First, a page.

is sparse and appears to be limited to the [Pb2(C5H5)5]ion
which contains h5 rings.[22] The tendency of Zn2+ to form
metallocenes of low hapticity is once again demonstrated in
the solid-state structure of the [Zn2(C5H5)5] ions of 4, which
consists of two Zn(h1-C5H5)2 units symmetrically bridged by a
C5H5 group that binds to each Zn atom through a single
carbon atom (Figure 3). The ZnC distances to the terminal
C5H5 ligands are of about 2.08 F, while the two ZnC bonds
of the central Zn(m-C5H5)Zn moiety are significantly longer,
but identical within experimental error (2.17 F, av).
Figure 3. ORTEP diagram of the [Zn2(C5H5)5] ion of 4 (thermal
ellipsoids set at 50 % probability). The hydrogen atoms are omitted for
clarity. The Na+ counterion (omitted for clarity) is octahedrally
surrounded by six thf molecules, with NaO separations between
2.33–2.39 L.
Comparative density functional theory (DFT) calculations performed for the discrete zincate units [Zn(C5H5)3]
and [Zn2(C5H5)5] (Figure 4) yield optimized geometries that
satisfactorily reproduce those found in the crystal structures.
Figure 2. ORTEP diagram of 3 (thermal ellipsoids set at 50 % probability). Neighboring zigzag chains of Zn···K···Zn units interconnect by
bridging C5H5 rings across the ab plane. The hydrogen atoms are
omitted for clarity.
···M(C5H5)Zn(C5H5)··· units are no longer independent, but
are connected with one another by means of the third C5H5
ring. This ring has terminal coordination in 2, but in 3 serves as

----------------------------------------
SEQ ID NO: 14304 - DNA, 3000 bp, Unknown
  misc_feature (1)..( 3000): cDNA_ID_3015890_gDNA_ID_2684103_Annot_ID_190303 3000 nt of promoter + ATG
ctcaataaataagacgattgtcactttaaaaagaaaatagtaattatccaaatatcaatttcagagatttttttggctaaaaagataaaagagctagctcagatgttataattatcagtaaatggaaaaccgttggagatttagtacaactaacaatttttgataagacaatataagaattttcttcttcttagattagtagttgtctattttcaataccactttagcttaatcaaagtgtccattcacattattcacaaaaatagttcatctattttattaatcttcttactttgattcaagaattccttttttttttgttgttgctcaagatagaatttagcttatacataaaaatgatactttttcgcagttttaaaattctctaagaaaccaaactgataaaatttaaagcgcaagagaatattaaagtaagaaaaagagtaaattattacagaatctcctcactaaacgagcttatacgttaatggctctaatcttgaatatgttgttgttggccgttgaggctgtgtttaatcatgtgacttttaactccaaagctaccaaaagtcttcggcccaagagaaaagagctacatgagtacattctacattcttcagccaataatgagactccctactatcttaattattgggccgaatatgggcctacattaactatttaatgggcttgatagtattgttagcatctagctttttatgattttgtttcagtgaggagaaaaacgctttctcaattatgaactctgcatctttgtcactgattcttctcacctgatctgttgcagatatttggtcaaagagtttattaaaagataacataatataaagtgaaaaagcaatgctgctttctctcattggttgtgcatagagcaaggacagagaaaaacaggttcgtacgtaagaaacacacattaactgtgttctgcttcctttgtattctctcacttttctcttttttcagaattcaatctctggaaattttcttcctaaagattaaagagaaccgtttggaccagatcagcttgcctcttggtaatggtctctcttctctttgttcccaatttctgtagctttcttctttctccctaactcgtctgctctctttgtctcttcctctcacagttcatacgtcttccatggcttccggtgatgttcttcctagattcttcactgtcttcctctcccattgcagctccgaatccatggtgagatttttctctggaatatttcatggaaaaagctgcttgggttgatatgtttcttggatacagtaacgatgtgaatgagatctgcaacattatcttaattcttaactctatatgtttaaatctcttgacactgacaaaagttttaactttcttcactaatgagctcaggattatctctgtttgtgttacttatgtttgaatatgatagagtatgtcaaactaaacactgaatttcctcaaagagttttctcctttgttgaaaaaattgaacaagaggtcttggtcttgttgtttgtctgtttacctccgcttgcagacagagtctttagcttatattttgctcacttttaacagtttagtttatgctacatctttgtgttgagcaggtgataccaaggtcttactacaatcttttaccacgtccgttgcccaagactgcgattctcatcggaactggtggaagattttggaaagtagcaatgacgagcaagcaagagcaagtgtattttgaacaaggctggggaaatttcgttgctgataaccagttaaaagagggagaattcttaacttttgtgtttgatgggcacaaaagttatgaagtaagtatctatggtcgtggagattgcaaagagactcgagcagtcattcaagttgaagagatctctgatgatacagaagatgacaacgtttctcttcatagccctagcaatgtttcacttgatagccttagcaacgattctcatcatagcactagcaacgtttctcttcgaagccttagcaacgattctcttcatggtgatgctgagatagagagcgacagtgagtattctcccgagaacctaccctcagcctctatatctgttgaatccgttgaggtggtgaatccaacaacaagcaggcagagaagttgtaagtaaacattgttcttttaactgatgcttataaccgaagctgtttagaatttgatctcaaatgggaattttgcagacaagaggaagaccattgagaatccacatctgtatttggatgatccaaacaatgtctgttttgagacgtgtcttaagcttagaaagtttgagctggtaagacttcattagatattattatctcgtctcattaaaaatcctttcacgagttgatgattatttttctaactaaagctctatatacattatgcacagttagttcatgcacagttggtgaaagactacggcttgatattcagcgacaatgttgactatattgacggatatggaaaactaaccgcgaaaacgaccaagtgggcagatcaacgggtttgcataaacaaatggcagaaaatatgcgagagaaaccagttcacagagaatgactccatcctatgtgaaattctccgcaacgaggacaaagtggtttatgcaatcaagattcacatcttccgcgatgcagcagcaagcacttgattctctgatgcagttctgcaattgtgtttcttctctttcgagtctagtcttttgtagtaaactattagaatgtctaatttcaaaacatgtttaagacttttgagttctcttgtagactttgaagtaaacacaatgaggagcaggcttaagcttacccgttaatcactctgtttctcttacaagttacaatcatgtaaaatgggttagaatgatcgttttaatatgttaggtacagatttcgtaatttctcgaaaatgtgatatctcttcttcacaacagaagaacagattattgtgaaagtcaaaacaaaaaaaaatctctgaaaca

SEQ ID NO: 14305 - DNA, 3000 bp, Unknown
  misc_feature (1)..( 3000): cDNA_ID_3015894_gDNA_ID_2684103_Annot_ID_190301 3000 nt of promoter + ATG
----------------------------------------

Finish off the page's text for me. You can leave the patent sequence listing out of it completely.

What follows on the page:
a bridge between the potassium and zinc atoms of adjacent
chains. This structural difference illustrates nicely the increase
in the size of the cation (for 12-coordination, the effective
ionic radii of Na+ and K+ are 1.53 and 1.78 F, respectively[17]).
The coordination of the zinc atoms in 3 is similar to that in
2 and it is characterized by ZnC distances of 2.180(1) F and
Zn-C-ringcent. angles of about 958. Once again there is one Zn
C separation close to 2.40 F for each of the rings. The K+ ions
exhibit a coordination environment made of three h5-C5H5
groups, with KC distances in the range 3.02–3.29 F. This is
Angew. Chem. 2007, 119, 1318 –1321
Figure 4. Optimized structures of [Zn(C5H5)3] (left) and [Zn2(C5H5)5] (right).
For instance, for [Zn(C5H5)3] the calculated ZnC distances
and Zn-C-ring angles are, respectively, 2.14 F and 1028. In the
computed models, the distance between the metal and the two
carbon atoms adjacent to the zinc-bound carbon are longer
than 2.74 F. Hence, it is plausible that the experimentally
found ZnC distances at around 2.40 F may result from
2007 Wiley-VCH Verlag GmbH & Co. KGaA, Weinheim
www.angewandte.de
1319
Zuschriften
crystal packing effects and that C5H5 binding in the [Zn(C5H5)3] ion is of the h1(p) mode or very close to it.
We have also examined the energetics of some of the
reactions shown in Scheme 1. Thus, the reaction of [Zn(C5H5)2] with [C5H5] is exothermic by almost 40 kcal mol1.
Further reaction of [Zn(C5H5)3] with [Zn(C5H5)2] is still
exothermic but only by 20 kcal mol1. However, the reaction